Naked Ocellaris Clownfish were one of the first genetic variations to be discovered in the captive propagation of Amphiprion ocellaris. At this point, breeding has proven that they are not simply “extremly misbarred”. Misbarring is generally believed to be non-genetic but rather environmentally caused, where some factor prevents the complete formation of one or more bars on a clownfish.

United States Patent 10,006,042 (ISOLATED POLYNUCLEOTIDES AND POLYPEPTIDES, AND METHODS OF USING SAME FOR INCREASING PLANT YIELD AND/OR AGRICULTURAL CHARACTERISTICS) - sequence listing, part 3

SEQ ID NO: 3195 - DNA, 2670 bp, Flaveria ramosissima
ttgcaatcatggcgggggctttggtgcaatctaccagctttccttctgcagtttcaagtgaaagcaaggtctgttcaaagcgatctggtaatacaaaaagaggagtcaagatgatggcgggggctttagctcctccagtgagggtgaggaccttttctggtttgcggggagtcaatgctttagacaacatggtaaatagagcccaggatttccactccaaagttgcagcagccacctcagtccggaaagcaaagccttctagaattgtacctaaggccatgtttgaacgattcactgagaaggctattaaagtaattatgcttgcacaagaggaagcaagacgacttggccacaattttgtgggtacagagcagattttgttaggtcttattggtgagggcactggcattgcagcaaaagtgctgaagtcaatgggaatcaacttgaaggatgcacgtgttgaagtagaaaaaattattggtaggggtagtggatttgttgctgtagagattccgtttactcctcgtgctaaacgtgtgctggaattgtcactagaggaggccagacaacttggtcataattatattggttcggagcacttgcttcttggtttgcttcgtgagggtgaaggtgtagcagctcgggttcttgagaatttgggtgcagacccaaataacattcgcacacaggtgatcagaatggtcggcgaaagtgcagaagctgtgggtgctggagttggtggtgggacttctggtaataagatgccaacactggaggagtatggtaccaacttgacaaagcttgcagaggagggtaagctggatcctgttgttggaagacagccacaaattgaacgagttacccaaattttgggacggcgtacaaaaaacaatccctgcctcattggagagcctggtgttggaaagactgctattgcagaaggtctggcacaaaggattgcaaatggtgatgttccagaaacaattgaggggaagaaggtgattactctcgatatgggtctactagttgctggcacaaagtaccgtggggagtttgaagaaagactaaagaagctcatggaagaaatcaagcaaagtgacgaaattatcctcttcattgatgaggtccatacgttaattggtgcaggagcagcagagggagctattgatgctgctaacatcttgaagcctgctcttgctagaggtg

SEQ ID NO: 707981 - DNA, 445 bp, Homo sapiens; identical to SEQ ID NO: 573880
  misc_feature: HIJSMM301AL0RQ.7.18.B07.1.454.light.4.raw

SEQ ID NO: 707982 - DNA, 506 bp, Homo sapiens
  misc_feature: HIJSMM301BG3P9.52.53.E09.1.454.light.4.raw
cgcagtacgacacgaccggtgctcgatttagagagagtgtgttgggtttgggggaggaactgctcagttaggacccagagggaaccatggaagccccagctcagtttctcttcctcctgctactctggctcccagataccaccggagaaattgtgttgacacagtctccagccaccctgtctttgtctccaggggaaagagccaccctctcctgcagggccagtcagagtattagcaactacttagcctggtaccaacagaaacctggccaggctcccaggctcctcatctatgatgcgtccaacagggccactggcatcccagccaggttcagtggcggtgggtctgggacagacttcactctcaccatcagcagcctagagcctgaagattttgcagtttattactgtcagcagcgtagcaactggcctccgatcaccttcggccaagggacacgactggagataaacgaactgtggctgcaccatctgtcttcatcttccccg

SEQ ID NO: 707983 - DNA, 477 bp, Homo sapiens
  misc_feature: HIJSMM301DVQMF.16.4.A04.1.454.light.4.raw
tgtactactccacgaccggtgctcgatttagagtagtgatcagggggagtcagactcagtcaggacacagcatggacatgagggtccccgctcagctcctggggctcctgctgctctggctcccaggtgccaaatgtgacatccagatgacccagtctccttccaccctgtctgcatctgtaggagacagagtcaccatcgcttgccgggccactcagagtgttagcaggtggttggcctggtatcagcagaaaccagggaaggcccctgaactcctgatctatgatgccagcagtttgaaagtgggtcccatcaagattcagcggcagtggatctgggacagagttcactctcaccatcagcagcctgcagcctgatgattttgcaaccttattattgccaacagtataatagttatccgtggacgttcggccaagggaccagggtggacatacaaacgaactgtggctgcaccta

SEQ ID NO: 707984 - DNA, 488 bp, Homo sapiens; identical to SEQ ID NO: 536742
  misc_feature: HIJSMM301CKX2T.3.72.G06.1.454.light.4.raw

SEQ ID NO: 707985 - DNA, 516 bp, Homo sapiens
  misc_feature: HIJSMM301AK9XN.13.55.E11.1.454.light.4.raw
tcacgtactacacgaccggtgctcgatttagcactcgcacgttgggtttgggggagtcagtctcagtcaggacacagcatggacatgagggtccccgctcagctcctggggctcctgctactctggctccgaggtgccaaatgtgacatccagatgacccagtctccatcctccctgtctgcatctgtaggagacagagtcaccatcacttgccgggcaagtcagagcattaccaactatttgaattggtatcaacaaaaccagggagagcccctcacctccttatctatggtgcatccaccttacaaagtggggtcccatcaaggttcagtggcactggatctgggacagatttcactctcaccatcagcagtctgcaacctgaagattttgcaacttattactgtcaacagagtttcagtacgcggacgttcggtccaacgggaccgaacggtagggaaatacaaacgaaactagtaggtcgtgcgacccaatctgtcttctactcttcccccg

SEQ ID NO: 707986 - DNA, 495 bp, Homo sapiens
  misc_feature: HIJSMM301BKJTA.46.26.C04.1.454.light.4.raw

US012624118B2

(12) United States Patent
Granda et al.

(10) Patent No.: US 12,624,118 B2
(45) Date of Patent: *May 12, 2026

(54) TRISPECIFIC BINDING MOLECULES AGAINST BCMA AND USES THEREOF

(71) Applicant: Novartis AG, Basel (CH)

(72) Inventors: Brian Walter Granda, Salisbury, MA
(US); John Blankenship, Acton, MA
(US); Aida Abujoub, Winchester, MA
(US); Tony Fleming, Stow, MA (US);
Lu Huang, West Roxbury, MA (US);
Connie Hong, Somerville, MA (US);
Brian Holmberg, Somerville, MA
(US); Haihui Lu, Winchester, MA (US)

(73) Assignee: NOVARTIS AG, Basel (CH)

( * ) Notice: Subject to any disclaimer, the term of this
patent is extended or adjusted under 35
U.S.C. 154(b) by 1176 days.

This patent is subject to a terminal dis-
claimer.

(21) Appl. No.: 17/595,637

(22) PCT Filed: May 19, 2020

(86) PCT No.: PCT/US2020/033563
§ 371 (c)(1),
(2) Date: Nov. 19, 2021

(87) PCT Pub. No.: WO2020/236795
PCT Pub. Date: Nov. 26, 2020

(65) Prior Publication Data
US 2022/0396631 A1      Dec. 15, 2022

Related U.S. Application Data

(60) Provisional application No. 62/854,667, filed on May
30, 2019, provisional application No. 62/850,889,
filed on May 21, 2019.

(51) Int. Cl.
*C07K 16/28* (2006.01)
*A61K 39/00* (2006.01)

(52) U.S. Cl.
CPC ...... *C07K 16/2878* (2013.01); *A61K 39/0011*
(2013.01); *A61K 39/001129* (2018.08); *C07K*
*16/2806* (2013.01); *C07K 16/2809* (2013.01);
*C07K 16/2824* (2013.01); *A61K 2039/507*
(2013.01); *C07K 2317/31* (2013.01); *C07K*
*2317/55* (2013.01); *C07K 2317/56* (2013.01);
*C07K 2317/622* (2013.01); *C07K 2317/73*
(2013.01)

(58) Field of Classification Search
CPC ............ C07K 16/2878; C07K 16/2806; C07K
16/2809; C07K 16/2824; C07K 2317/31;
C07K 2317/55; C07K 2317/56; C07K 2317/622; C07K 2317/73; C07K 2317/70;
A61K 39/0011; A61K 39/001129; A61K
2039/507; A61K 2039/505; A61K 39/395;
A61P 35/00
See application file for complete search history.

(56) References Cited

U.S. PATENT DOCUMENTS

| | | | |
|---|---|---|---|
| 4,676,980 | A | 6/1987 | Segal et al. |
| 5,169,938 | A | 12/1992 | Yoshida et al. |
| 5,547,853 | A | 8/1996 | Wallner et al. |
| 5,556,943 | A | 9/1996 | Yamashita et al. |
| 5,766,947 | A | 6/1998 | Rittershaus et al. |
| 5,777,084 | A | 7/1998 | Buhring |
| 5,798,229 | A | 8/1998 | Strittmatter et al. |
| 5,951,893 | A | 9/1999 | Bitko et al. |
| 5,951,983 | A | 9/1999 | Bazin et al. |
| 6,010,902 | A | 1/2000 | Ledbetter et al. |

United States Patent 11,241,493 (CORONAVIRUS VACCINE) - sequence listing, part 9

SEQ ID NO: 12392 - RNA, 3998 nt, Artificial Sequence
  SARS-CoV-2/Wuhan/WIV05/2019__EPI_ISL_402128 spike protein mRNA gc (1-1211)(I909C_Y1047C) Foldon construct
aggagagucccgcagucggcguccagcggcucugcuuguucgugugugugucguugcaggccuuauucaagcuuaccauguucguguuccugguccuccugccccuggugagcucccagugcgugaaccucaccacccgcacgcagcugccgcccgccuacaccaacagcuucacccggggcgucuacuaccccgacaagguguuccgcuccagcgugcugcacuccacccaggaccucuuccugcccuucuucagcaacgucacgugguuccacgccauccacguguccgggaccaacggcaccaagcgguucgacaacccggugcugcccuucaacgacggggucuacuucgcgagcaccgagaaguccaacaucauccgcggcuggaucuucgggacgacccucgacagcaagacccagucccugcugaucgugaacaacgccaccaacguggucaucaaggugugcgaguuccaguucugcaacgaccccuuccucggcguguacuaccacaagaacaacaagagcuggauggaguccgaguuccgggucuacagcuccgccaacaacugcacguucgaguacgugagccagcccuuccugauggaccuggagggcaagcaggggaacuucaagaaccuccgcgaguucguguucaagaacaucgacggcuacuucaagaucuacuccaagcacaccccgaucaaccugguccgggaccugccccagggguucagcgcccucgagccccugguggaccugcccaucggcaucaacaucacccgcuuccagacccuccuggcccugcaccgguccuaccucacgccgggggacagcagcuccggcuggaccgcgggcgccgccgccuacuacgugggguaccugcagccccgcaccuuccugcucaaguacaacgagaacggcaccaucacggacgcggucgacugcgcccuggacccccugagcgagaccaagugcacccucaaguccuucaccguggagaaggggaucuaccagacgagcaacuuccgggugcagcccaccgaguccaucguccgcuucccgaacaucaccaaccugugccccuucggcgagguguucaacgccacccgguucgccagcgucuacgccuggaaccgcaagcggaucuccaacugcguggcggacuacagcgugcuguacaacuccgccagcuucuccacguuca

“Nearly Naked” Ocellaris are the progeny of at least one “Naked”, “Domino”, or “Nearly Naked” Ocellaris. It is generally thought at this point that all of these variants represent a phenotypic range of expression of what we’re calling the “Naked Gene”. It appears that Naked is a dominant gene. If a fish inherits a Naked gene from either parent, then depending on the expression of that gene, the fish will develop into one of the aforementioned types. At least, this is our understanding based on currently available data and shared experiences from other clownfish breeders. It is worth noting that the Naked gene can be combined with other genes that alter striping to create codominant phenotypes; eg. a Snowflake Ocellaris mated to one of the Naked gene carrying varieties will develop a portion of offspring which have both the Snowflake and Naked genes; the snowflake gene continues to alter the shape and edging of the stripes, but the Naked gene still attempts to surpress the development of the stripes. The result is a fish which has small, irregular and incomplete squiggles for stripes. This is how the Midnight Lightning Black Ocellaris was created (in the hybridized Black Ocellaris lines).